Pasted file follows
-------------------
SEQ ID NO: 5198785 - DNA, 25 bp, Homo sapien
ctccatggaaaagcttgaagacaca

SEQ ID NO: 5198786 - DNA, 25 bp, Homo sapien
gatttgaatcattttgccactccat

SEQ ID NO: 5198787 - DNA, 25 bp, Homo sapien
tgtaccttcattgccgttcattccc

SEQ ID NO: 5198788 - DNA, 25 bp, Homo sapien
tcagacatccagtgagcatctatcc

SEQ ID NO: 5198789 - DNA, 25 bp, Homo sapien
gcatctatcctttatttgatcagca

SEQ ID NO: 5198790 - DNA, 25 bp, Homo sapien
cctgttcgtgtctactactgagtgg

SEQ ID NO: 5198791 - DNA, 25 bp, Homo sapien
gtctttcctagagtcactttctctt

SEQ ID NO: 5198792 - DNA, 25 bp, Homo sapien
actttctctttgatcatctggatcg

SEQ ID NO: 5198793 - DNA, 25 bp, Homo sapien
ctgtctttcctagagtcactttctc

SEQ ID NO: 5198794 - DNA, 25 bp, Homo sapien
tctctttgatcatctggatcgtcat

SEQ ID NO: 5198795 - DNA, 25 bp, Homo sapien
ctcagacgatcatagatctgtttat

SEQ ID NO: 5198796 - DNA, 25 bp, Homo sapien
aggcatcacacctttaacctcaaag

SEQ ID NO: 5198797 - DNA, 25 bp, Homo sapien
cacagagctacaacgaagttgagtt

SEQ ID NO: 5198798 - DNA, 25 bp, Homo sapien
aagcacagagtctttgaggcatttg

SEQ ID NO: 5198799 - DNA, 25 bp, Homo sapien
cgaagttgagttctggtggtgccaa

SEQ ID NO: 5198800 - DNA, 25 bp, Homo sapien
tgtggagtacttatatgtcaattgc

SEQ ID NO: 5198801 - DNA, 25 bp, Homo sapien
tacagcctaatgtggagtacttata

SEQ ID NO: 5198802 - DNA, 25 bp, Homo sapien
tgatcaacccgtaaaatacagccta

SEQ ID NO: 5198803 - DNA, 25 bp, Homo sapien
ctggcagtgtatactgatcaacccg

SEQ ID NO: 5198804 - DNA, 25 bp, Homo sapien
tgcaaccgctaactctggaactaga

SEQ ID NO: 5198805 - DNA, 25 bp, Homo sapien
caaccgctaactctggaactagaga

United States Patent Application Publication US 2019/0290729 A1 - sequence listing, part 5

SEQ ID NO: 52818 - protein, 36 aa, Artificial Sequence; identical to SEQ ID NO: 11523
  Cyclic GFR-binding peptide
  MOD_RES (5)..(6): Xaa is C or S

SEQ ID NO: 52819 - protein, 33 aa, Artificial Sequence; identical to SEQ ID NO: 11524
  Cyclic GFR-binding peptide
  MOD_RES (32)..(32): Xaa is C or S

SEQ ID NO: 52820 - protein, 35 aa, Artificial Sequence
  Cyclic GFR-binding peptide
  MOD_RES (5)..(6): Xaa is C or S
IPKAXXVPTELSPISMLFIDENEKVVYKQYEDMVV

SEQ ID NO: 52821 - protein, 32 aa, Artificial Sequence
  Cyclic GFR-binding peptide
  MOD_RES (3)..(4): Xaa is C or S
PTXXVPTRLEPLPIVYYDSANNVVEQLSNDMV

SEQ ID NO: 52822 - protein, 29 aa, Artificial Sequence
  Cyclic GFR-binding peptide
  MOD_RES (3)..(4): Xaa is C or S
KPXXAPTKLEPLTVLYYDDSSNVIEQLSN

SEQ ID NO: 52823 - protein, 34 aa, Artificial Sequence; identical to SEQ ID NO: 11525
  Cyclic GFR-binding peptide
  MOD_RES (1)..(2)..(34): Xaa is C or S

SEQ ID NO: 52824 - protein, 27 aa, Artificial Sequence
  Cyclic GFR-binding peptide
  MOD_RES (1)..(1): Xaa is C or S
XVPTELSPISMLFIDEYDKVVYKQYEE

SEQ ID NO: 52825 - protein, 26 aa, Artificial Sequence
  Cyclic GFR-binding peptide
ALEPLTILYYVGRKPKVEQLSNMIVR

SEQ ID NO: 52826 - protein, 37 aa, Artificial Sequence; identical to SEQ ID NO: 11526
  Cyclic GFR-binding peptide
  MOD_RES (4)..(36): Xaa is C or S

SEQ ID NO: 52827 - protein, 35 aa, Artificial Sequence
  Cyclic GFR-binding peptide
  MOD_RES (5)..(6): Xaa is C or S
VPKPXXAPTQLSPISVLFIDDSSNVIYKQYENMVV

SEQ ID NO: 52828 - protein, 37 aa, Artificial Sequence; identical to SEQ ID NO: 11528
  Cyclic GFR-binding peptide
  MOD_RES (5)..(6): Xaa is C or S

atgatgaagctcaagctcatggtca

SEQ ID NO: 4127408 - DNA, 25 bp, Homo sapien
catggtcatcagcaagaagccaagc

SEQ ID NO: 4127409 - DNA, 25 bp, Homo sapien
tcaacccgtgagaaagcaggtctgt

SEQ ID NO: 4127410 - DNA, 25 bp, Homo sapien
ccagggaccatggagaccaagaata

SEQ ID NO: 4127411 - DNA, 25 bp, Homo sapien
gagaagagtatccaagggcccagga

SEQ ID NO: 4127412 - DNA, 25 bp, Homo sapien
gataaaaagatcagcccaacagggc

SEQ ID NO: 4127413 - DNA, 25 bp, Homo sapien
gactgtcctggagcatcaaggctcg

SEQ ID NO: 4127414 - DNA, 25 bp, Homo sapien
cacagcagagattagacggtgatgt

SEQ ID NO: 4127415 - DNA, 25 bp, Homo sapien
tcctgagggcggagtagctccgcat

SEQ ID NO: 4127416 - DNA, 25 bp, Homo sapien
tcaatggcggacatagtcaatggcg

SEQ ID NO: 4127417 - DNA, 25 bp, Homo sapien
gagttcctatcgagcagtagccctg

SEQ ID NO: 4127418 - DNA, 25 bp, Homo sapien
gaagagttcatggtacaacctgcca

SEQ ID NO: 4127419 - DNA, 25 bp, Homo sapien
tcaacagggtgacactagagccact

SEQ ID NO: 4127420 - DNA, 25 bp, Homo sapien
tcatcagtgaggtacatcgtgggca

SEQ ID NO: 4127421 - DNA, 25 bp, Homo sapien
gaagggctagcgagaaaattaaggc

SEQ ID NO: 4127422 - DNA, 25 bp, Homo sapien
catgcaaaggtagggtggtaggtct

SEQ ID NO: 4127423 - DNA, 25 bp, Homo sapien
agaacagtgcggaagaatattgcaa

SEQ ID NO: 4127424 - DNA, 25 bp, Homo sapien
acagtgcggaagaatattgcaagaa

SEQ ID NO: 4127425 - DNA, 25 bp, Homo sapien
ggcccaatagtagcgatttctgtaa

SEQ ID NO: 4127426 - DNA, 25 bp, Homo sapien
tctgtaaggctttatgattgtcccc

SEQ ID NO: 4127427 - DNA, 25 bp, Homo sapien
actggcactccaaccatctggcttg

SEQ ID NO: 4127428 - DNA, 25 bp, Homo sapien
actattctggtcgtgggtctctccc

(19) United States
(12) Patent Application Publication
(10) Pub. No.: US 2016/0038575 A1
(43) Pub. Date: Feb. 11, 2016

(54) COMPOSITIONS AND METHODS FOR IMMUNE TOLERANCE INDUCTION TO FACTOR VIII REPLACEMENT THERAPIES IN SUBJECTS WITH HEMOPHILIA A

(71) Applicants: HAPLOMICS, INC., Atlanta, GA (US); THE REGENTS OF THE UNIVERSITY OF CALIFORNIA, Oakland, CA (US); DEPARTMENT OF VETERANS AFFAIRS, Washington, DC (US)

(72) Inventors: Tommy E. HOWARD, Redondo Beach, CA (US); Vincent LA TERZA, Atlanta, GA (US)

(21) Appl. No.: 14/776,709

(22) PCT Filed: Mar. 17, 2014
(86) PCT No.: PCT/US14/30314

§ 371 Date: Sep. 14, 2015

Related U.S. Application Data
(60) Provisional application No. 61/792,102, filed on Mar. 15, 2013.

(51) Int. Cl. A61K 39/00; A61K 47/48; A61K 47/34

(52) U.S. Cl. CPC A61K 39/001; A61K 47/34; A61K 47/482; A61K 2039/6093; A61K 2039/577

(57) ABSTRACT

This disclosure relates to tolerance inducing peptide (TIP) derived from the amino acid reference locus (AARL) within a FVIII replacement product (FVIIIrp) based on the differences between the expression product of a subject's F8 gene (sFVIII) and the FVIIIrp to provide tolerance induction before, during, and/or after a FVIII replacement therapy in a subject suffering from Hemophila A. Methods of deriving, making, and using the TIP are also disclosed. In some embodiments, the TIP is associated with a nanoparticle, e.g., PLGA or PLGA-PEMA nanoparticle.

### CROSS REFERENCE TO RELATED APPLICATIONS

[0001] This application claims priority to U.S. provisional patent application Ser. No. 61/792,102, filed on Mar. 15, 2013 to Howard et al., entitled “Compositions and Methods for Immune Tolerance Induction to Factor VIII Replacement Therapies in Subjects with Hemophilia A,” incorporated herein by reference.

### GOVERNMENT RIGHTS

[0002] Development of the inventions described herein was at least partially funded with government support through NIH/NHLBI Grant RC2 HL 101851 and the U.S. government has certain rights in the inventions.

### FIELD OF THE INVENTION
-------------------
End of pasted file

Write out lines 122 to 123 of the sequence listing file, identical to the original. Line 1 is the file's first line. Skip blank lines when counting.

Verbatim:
actggcactccaaccatctggcttg

SEQ ID NO: 4127428 - DNA, 25 bp, Homo sapien